“Ray Miller is a Socialist, Aston Villa supporter, and faithful husband. Life’s been a disappointment”

Fifties Feature | Poem by Linda Straub

fifties feature poem

“50’s Feature”

by Linda Straub

Mother wore an off the shoulder dress

that swirled ’round her slender waist

and kissed a starched crinoline.

Father’s hair was ebony black,

a series of soft waves rolling down

his scalp, breaking on a rocky spine.

I sat in the back of their ’57 Chevrolet

eating popcorn and watching

James Dean on the Drive-in screen.

A squadron of speakers hung

from car windows where crackling

voices of movie stars faded in and out.

Sleep snuck up from behind

and stretched my weary body

across the wide back seat,

where my last sight

on that Summer’s night

was my Father’s wavy hair

dressing my mother’s bare shoulders.

Notecards | Donald Goines | High Dive Board | Poems by Peter Mladinic

Boobs in a Church


“Boobs in a church.” The frat boy

“Boobs in a church.” What did you say?

in the front row looked at me, I at him.

out nouns in magic marker: umbrella/

Monday night, Freshman Comp. I’d passed

courthouse; rabbit’s foot/ tunnel; wallet/

gym. Boots/ church, her prompts.

From the back, her high-pitched voice,

boots sounded different. A slim neck,

hair pulled up, dark eyes, flawless skin,

petite, shapely, she had to be there

as did I, if I wanted a paycheck. Spring,

April. Fountain pen/ swimming pool.

A stolen pen, the pool members only.

Tennis racquet/ nightclub; penguin/ ring.

There were animal cards. In an open door,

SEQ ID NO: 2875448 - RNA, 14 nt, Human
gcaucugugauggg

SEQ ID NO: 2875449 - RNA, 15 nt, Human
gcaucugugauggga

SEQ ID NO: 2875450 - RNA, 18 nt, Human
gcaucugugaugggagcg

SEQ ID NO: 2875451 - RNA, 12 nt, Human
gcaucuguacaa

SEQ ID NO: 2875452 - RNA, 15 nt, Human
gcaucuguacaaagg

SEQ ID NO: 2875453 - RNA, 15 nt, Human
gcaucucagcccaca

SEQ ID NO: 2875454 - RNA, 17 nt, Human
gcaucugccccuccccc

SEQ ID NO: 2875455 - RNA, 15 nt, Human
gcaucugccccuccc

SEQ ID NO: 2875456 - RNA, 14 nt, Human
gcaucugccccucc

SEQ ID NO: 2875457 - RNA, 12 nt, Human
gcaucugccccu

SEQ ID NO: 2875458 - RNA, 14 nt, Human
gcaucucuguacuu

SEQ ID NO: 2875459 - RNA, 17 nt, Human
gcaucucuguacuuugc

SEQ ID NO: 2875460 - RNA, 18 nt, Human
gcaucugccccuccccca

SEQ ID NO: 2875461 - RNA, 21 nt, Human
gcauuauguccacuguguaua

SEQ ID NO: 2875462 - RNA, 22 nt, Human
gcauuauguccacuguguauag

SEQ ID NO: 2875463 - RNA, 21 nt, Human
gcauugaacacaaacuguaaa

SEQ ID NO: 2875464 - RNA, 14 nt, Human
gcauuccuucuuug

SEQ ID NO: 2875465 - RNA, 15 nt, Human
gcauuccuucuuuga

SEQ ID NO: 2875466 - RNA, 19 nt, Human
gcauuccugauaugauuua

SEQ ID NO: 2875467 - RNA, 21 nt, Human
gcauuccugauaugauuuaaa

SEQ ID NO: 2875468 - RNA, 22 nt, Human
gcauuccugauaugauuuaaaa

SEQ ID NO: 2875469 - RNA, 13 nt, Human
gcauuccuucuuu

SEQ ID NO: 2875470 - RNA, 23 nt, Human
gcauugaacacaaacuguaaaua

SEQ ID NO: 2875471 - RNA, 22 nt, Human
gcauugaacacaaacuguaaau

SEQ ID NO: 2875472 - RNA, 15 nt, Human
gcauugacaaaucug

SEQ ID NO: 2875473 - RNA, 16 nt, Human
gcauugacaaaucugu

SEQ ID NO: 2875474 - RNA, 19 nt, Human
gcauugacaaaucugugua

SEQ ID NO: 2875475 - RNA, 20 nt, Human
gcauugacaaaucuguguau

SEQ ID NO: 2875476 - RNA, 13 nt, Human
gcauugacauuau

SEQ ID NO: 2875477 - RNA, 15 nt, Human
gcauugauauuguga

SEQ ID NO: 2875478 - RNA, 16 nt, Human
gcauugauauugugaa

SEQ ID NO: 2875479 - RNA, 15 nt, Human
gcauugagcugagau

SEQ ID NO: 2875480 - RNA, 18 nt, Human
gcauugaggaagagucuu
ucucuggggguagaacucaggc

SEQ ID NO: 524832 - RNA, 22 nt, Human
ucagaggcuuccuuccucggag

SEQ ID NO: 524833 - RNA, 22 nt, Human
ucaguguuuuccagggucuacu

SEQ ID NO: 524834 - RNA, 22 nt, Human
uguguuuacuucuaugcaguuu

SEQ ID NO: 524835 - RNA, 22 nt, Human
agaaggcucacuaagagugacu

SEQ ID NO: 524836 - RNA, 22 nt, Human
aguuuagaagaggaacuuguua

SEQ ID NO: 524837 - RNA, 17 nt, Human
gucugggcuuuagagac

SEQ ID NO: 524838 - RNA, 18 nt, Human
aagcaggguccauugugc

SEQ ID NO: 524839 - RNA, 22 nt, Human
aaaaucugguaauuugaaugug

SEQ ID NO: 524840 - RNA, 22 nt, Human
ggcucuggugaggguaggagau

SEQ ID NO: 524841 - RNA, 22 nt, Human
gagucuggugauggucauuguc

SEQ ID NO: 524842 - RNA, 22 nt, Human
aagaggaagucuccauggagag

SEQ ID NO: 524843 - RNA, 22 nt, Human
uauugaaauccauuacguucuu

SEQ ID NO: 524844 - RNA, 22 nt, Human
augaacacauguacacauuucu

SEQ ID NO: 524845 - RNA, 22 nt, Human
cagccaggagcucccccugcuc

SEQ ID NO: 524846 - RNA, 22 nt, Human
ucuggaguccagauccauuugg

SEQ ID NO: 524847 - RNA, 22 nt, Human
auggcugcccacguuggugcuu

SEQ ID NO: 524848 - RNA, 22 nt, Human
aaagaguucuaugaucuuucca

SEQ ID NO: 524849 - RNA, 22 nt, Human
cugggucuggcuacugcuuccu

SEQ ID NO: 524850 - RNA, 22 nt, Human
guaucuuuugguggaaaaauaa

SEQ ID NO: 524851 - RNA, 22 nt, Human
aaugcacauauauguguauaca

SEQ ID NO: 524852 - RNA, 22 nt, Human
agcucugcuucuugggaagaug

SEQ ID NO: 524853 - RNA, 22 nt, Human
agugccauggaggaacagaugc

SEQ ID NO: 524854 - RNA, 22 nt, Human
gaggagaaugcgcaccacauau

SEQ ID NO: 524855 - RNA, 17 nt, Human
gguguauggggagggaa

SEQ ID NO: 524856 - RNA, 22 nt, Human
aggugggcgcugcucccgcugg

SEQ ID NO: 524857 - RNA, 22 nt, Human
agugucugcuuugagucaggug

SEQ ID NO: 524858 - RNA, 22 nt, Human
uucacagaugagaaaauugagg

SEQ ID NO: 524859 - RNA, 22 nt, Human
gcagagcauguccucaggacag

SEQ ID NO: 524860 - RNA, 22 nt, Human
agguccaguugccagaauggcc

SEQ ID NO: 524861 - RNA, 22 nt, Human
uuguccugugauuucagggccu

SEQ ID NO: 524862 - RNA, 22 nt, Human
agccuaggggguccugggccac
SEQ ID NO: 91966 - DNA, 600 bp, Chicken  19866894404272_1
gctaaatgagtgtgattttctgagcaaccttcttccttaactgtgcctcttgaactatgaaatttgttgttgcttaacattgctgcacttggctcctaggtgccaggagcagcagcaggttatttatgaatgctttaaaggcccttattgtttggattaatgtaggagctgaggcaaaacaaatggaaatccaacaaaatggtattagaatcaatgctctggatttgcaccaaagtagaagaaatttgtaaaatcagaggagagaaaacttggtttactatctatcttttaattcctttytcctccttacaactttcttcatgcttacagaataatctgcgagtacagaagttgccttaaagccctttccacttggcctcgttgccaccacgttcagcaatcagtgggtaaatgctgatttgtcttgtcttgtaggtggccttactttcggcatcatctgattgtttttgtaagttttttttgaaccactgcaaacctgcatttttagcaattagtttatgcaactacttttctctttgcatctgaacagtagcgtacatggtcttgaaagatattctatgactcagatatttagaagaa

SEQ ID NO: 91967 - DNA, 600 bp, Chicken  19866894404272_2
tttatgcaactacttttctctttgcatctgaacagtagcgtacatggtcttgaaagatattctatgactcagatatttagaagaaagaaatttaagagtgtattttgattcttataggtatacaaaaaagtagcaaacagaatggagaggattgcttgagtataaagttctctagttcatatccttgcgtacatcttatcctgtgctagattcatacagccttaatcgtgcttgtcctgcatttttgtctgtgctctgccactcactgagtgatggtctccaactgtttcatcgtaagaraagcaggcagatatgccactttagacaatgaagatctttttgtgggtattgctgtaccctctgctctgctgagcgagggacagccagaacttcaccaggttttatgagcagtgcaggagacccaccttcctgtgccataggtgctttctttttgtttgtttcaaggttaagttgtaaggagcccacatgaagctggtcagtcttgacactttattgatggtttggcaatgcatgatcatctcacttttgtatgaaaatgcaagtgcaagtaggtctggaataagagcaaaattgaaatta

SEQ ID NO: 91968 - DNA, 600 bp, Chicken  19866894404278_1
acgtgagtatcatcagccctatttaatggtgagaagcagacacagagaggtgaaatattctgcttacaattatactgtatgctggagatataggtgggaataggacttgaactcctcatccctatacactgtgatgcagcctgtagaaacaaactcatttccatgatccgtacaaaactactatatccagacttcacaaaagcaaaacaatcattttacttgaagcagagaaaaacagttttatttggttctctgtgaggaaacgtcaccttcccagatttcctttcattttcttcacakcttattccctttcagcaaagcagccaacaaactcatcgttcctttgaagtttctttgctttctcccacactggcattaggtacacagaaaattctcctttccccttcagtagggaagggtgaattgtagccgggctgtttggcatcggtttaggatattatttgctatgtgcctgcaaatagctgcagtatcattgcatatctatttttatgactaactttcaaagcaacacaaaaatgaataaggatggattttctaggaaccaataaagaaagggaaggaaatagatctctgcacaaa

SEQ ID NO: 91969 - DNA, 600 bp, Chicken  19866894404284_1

Saturday morning, mortgage-free, two

baths newly remodeled, I wonder where

she is. Outside our room, Discover

the Last Frontier, an astronaut tiny in

a galaxy poster on a board. The astronaut

helmet comes back silver. How did I get here?

How does anyone, where they are?

Toothbrush/ stadium. Wilbur brushes his

teeth in the bleachers. Fourth quarter

fervor. He clutches the wrong end.

In his hand, soggy bristles. A buzzer

sounds. A ball bounces off a rim. Crest

clouds the water in his red cup. His

Nighthawks walk off the court, their third

consecutive loss. Two other cards,

mirror/ cemetery, belong to a Suns fan.

Donald Goines

He had a really lucid essay on injustice,

about Black people getting screwed over

by the bail system. It wasn’t a rant, clear,

ordered, it made me think, he’s dead right.

He was always dead right, a prophet really

for troubled times in cities, car jacking,

mugging, armed robbery, much of it done

by people strung out. He knew that life.

He could have inherited his father’s dry

cleaning business. But he went in the army

and in Japan got stung out. Anyone wants

to preach the nightmare of strung out

should read one of his novels, Black Girl